THERE has been a lot of talk about the Rangers journey but Barrie McKay doesn’t want to get too carried away until they actually reach their destination.
A kid when he scored against Peterhead on the first day of the club’s attempt to climb back up the leagues following liquidation and a rapid abseil down to the divisions, having been there at the start he is relishing the opportunity to see the job through and help the club back into the top flight.
If they maintain their early-season form and see their way to the Championship title, only Lee Wallace and Dean Shiels will be able to claim they have played as enduring a role in the Ibrox club’s footballing rehabilitation.
“Since I’ve broken through I’ve wanted to be part of the squad that got Rangers back to the top where they belong. To be able to say I was part of that squad and I started off in that squad would be a real achievement. We have never really spoken about being the only members left. We would have to get up to the Premiership before we start talking about it. We’ve not done it yet.”
But the fact that he is here to play his part is testament to his self-belief. Facing the prospect of minimal first-team involvement last term, McKay opted to head out on loan in search of regular football, always viewing it as a stepping stone in his development.
“I still had the length of time on my deals to be able to come back and prove myself. If I was going out and getting games then that was going to benefit me more than staying and maybe coming off the bench a couple of times. In the end it helped me a lot. I think I have matured a lot.
“I don’t know if I’ve become a different person but going away has helped me. When you go away and come back you see how good we have really got it here.
“You see that teams don’t have this facility and it makes you want to do better when you come back.
“I always appreciated what I had at Rangers because I came here from Kilmarnock as a young boy. But it’s good to go out and see what other places are like. To go to another team that’s not regarded as big, you see a different side to the fans. Things like they don’t expect to win every week. So there’s also bigger pressure at Rangers but I like that. I put pressure on myself to succeed.”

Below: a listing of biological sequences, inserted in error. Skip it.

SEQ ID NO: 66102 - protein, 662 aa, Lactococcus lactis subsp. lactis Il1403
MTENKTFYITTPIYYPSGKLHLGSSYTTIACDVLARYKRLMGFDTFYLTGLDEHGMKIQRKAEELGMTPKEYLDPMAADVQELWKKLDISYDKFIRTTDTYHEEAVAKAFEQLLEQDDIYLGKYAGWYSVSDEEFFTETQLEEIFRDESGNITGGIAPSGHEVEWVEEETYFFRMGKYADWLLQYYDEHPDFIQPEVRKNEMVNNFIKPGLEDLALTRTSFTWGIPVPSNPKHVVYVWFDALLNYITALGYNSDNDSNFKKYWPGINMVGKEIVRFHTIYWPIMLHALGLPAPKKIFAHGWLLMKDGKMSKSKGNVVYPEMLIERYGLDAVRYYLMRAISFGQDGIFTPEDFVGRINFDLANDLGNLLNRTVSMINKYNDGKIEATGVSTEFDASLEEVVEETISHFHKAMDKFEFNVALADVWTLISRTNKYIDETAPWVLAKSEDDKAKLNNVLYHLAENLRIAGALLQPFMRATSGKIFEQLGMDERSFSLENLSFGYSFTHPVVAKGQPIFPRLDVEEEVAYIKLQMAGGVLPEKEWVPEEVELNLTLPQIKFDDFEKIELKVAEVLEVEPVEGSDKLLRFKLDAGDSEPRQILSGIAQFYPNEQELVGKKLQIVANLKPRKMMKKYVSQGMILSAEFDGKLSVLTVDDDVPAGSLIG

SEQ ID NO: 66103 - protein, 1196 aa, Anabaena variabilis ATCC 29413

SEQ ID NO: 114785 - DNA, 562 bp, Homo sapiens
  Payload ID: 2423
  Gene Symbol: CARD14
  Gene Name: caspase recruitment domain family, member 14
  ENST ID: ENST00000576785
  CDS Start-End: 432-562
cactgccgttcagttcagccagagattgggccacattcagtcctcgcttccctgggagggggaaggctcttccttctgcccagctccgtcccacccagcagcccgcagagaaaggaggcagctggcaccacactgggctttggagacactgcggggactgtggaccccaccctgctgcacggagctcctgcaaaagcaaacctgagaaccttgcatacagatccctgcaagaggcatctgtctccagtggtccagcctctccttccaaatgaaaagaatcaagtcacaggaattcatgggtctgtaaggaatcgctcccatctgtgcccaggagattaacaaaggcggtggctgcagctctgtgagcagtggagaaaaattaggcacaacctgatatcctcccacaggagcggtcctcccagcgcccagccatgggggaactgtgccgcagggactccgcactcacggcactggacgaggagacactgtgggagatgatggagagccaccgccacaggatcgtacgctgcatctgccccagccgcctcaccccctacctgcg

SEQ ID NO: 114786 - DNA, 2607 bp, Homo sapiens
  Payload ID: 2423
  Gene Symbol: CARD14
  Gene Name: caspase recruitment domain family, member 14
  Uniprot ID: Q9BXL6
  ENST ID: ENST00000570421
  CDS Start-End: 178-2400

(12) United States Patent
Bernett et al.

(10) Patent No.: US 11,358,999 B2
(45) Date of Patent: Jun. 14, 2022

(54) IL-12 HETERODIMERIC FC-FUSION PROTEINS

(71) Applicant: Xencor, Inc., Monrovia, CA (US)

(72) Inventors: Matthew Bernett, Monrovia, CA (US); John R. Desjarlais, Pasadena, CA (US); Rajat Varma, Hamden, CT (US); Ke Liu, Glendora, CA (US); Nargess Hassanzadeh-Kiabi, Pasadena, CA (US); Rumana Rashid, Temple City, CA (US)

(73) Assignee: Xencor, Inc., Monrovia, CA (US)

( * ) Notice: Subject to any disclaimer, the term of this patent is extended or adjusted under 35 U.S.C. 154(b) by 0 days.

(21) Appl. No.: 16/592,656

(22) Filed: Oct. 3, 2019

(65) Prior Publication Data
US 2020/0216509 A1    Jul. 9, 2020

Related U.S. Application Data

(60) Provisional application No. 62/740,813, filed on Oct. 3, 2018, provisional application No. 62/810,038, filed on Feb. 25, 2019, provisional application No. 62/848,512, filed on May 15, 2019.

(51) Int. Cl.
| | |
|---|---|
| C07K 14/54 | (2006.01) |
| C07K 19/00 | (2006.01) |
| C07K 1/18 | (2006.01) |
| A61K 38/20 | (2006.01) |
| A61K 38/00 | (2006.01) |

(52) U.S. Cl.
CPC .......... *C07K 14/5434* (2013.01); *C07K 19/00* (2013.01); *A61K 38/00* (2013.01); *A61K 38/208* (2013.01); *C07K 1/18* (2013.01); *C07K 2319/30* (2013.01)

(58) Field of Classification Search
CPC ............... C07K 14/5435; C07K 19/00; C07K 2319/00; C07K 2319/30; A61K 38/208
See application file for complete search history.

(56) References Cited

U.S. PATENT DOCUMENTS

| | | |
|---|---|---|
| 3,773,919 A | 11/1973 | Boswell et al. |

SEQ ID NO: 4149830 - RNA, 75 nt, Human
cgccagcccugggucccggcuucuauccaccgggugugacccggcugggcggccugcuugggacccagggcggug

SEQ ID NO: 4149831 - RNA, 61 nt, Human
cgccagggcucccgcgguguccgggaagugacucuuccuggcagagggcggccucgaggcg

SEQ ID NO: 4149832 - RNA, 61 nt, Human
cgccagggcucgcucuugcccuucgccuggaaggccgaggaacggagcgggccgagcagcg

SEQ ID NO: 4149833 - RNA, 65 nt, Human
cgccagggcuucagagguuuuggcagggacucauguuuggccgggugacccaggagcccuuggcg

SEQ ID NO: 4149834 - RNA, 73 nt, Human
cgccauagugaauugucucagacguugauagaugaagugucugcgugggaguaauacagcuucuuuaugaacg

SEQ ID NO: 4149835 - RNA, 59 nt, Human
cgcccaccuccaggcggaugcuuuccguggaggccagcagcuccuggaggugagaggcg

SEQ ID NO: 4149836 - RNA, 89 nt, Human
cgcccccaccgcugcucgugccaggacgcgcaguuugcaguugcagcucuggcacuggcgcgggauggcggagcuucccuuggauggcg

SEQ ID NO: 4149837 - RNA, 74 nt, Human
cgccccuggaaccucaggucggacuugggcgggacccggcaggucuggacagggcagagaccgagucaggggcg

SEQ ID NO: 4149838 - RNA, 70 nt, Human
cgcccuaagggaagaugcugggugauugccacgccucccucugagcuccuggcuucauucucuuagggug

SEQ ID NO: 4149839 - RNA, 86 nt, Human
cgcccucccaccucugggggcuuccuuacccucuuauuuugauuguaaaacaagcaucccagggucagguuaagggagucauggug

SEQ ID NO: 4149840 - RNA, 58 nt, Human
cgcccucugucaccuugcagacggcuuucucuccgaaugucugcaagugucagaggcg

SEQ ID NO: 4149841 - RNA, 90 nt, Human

It was games like this afternoon’s that McKay missed last season but he says sacrificing a few trips to Ibrox was worth it to gain the kind of experience that has now made playing there a regular occurrence.
A member of new manager Mark Warburton’s preferred starting line-up, the Rangers attacker is grateful to Raith Rovers for his loan stint with the Kirkcaldy club, saying he returned to Govan a more mature player and person as a result, but that gratitude does not extend to him wishing them well when they turn up looking for three Championship points today.
“I loved it there and I got the game time that I needed. It was good for me to get out there and play with a different system, with a different manager and I met a lot of new people.”
Friendships were formed which have lasted despite McKay’s return to the league leaders. “I travelled with Grant Anderson and Mark Stewart and I’m still really close with them and sometimes we go out and get a bit of food and catch up. I still speak to them near enough every day and it’s good to have friends from different clubs.” He was at Ibrox every time Raith came calling last term despite being ineligible to play against his parent club, even watching on as Rovers dumped Rangers out of the Scottish Cup inside a stadium which was only a quarter full and echoing with disenchantment.
“I still came to the games and supported both teams! I came to show my support for the boys and then I came in and saw the Rangers boys as well. I wasn’t going to miss those types of games.
“That one was obviously a close game and it was a great free-kick from Ryan Conroy and I will never forget it but that’s because he always talks about it! That was a good day for Raith but disappointing for Rangers.”
The atmosphere that night was lamentable but McKay says the sense of optimism felt in the dressing room is now reflected in the stands. He said: “Since day one, the fans have been brilliant here and they have turned up in numbers and you can hear them. Sometimes you can’t hear the other players talk, it’s so loud, and this year it is a lot different to what it has been recently. The fans have been turning up. It was half empty last year when Raith came to Ibrox in the cup but I’m sure they will be there in numbers this weekend.”